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Photoshop is one of the world’s most powerful image editors, and it can be daunting to try to use skillfully. Photoshop CS4 One-on-One: Advanced, the second part of the popular and comprehensive series, follows internationally renowned Photoshop guru Deke McClelland as he dives into the workings of Photoshop. He explores such digital-age wonders as the Levels and Curves commands, edge-detection filters, advanced compositing techniques, vector-based text, the Liquify filter, and Camera Raw. Deke also teaches tried-and-true methods for sharpening details, smoothing over wrinkles and imperfections, and enhancing colors without harming the original image. Exercise files accompany the course.
Recommended prerequisite: Photoshop CS4 One-on-One: Fundamentals.
Download Deke's customized keyboard layouts and color settings for Photoshop from the Exercise Files tab.
In this exercise I'm going to introduce you to a handful of checkboxes that are essentially layer effect helpers. They are designed to help you work out problems that occur sometimes when you are applying layer effects to layers, but they are incredibly difficult to suss out. Which is why I'm here to help, of course. I am still working inside the Yummy juice.psd image, because we haven't really done anything to it and I'm going to Double-Click on spokesboy, in this empty area, the spokesboy layer, because it happens to be selected and it's handy.
These are the checkboxes I'm talking about. Their whole reason for existing is to help you fix things that seem to be going wrong. Of the group, I'm here to tell you that the ones that I use most often are Blend Interior Effects as Group and I'll demoing that twice to you, because it's so useful and then Layer Mask Hides Effects. Those tips that you see when you hover over one of these options, they're actually pretty useful. They tell the story pretty well. Now the idea is Blend Interior Effects as Group is going to take any Interior effects which include your Inner Shadow, your Inner Glow and all of your Overlay options and Satin as well.
It's going to go ahead and apply them to the layer and then apply any blend modes to the layer and the effects as a group and then Blend Clipped Layers as Group is going to do the same both with clipping groups, with the clipping mask. So layers that are clipped inside of other layers. Transparency Shapes Layer, I have never in my life figured out a use for this checkbox. I have no idea why it's there. Basically, if you turn that off, notice how things go completely catawampus here and all of a sudden, all of the effects that we have applied including Drop Shadow, Inner Shadow and Color Overlay, they are all applied to the entire image, so that they are no longer tracing the outline of Max for example.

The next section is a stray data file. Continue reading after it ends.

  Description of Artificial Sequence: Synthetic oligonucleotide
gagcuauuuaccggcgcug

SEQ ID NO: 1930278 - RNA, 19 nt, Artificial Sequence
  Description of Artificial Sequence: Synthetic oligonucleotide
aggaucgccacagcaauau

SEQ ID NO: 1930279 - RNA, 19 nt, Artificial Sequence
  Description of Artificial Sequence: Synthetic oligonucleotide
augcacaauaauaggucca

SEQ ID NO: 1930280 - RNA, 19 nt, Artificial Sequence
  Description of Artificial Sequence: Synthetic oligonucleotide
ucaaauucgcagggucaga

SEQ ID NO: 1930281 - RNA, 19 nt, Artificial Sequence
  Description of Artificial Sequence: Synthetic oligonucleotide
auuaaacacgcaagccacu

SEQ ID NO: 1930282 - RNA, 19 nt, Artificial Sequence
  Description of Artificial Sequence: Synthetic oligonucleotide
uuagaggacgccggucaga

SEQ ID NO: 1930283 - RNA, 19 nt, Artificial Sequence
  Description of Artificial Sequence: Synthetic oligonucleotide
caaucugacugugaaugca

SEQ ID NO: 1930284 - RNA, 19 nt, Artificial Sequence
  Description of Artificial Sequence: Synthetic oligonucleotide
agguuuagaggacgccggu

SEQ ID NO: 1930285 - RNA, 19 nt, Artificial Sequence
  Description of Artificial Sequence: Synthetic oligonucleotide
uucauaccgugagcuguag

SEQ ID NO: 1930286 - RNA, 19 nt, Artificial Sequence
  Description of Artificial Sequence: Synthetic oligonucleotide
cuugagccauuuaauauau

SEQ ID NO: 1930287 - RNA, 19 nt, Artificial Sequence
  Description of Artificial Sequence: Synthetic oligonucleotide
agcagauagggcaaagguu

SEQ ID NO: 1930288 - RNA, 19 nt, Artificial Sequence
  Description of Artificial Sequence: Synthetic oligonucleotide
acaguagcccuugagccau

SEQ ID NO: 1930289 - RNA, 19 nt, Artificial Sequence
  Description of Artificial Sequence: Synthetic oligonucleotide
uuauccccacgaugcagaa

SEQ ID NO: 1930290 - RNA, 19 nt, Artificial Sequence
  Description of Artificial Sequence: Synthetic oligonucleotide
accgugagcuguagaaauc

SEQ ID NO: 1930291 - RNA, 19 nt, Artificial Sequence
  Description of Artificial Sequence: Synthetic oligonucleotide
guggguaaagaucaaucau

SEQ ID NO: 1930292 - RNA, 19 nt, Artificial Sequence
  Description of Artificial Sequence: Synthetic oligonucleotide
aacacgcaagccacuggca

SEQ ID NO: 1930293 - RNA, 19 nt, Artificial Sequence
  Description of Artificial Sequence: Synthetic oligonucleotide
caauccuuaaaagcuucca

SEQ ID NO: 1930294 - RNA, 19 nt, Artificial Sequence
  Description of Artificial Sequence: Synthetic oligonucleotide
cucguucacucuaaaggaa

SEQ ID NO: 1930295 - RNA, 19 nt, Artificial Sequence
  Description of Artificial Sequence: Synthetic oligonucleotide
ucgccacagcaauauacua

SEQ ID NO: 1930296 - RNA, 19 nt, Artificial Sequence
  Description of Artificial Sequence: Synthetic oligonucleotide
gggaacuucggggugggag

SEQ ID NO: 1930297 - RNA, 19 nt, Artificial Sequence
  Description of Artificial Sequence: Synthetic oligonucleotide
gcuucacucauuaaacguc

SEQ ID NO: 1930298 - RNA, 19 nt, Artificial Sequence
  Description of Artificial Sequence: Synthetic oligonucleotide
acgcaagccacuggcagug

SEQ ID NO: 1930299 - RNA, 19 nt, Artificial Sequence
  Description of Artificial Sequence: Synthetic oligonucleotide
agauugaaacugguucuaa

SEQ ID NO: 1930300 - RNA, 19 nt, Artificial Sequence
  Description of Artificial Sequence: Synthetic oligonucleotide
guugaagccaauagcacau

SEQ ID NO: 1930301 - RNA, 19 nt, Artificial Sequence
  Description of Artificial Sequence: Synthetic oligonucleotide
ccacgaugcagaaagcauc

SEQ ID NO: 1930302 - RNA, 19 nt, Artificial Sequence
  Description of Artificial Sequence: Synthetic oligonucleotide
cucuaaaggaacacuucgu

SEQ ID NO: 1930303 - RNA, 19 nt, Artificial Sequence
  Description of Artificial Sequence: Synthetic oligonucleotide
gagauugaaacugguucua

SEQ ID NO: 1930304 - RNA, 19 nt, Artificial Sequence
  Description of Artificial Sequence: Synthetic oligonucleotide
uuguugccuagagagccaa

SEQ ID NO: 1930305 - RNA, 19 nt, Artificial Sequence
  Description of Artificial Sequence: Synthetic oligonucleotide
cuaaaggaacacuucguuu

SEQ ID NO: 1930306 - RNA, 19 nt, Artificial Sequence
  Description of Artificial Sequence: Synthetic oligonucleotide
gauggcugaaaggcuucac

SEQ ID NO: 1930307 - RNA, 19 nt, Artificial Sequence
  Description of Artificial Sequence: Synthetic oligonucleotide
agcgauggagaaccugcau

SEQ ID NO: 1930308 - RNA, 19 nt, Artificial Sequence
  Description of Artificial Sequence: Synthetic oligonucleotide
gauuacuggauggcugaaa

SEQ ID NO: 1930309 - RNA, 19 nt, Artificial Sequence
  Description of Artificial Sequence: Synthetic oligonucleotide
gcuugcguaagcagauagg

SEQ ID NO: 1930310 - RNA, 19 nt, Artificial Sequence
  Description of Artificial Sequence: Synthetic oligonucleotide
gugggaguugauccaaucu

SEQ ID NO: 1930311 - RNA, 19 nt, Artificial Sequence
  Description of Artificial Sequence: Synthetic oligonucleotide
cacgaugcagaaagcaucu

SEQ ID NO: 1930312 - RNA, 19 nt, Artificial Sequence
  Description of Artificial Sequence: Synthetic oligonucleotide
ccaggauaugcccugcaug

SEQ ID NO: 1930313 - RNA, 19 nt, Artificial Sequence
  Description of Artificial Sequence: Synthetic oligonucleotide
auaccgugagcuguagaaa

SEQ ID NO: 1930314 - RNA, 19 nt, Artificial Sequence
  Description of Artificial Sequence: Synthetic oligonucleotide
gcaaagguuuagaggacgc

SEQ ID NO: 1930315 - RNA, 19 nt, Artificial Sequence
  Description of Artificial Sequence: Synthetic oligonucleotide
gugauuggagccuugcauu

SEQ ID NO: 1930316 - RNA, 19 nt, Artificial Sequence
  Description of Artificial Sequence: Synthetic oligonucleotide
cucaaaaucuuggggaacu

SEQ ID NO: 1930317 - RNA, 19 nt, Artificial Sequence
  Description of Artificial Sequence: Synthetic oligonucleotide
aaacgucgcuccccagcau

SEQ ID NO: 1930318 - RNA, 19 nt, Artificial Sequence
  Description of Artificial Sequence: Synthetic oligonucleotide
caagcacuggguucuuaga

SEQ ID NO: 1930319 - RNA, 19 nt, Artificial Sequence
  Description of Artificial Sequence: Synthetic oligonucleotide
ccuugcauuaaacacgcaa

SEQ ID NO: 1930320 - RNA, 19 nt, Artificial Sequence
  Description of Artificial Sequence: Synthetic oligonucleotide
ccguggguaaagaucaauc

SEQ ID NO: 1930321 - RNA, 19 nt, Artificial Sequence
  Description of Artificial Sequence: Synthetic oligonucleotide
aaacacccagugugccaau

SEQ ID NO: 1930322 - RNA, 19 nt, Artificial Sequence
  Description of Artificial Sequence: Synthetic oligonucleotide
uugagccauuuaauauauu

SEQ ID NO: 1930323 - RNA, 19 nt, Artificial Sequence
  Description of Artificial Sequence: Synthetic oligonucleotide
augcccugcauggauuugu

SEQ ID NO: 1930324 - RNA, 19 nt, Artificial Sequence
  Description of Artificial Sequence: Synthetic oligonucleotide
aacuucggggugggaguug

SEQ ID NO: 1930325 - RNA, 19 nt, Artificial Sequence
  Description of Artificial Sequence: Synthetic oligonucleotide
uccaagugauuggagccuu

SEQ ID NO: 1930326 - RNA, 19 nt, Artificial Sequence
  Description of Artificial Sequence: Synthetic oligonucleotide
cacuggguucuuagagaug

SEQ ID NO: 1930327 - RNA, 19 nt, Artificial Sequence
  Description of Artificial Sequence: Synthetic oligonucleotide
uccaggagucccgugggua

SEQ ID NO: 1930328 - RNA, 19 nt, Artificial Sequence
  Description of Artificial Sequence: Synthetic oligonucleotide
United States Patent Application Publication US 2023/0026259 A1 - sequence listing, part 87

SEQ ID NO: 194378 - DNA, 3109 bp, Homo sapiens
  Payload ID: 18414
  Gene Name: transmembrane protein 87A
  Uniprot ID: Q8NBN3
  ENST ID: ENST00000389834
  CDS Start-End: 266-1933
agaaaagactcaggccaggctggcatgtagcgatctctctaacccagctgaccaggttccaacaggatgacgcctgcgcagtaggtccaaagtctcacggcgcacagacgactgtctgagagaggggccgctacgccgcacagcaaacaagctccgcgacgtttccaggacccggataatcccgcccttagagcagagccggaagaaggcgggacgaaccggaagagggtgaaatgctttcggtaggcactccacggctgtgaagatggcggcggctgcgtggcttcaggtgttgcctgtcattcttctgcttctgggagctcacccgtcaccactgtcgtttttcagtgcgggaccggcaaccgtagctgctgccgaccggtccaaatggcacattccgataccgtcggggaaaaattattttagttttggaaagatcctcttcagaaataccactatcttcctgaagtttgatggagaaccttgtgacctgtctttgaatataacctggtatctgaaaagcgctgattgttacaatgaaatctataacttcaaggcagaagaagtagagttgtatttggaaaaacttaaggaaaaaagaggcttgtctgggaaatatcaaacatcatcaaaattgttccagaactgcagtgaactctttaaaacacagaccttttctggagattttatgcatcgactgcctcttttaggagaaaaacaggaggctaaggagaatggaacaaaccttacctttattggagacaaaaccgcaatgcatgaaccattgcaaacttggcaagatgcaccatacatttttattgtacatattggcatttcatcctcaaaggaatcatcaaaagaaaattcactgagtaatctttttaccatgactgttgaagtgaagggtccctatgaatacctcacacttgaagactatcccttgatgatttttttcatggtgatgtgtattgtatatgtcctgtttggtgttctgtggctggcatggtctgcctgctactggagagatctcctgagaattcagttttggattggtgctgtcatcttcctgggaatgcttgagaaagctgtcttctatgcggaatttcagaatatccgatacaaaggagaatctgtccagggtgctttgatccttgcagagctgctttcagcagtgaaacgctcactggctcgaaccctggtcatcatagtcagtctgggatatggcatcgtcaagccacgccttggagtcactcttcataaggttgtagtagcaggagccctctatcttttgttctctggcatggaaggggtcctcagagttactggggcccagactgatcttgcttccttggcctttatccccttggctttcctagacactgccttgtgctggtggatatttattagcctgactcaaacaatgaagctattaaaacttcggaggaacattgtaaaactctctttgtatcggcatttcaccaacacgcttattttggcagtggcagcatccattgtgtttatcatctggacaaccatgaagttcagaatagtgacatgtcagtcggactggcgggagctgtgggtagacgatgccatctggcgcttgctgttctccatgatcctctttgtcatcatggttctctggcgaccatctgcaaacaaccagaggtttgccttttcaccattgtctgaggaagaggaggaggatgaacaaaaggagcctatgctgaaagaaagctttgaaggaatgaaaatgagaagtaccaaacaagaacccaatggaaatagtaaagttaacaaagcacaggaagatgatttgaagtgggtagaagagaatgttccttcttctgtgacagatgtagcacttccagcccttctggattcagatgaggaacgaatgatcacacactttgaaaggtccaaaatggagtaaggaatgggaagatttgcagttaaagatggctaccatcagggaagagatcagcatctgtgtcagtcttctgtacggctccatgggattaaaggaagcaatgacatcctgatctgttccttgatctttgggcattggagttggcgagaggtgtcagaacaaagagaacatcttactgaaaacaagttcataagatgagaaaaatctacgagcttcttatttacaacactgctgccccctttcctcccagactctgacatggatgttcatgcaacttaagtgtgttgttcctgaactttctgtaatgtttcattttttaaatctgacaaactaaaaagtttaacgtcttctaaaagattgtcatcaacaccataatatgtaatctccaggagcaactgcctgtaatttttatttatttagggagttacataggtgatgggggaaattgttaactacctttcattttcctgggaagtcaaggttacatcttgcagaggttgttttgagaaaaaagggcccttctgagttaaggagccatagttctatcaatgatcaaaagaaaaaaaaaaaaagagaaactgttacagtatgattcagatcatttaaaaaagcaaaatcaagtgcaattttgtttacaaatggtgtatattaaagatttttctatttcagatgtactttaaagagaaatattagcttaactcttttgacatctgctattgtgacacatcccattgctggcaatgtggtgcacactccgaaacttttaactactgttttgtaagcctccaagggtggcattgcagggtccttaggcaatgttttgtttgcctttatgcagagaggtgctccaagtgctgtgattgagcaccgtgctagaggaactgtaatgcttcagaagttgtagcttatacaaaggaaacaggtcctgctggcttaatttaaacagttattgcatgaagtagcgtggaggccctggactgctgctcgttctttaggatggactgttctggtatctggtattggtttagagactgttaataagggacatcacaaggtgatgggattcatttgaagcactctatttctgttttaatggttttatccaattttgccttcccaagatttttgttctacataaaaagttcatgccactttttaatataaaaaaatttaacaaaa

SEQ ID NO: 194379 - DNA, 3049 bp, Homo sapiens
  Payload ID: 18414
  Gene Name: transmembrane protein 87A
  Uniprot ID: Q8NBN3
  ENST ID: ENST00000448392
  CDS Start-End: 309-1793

So this orange Color Overlay is not only appearing inside of Max, it's washing into the sky and so it's turning the sky kind of a gray color because the blue is being canceled out by the orange. Then the shadow is now a rectangular shape and so is the Inner Shadow. They are taking up the entire image, I tell you. Go ahead and zoom out and we should get the Inner Shadow some place, it should be up here some place inside the image. It's just ridiculous. I don't know why you would want that. Anyway, right if you find a use for it by all means, but normally you want that turned on, I think, because otherwise everything sort of defeats the purpose.
Layer Mask Hides Effect, that's a really interesting one. So basically if you've got a layer mask assigned to a layer, by default it's going to reshape the layer and so the layer effect is going to trace the masked area. But if you want to clip out that area of the layer effect, then you can turn the checkbox on. And I'll show you how that works and then Vector Mask, same thing, but using a vector mask instead of a pixel-based layer mask. So what I just told you so far probably came off as so much gobbledygook. I might as well spend a lesson going blah, blah, blah, blah, blah, because it's a little difficult to wrap your mind with the exception of my rant about the Transparency Shapes Layer checkbox. It didn't demonstrate anything, but I just wanted to set it up. So there you have it.
So it's what those five options do, in case you ever want to come back to this exercise and go, what in the world was he saying? That's what they do. In the following exercises, I'm going to show you two examples of Blend Interior Effects as Group, because it's so very useful and I'll show you one example of Layer Mask Hides Effects, because it's also very useful and then you will at least understand those and you will also have a sense of how the other ones would work, because Blend Clipped Layers as Group is pretty similar and to Blend Interior Effects as Group has a very similar purpose in life and vector mask and layer mask obviously are very similar as well.
Okay, so cancel out. If you care to learn anything about Photoshop, join me in the next exercise.
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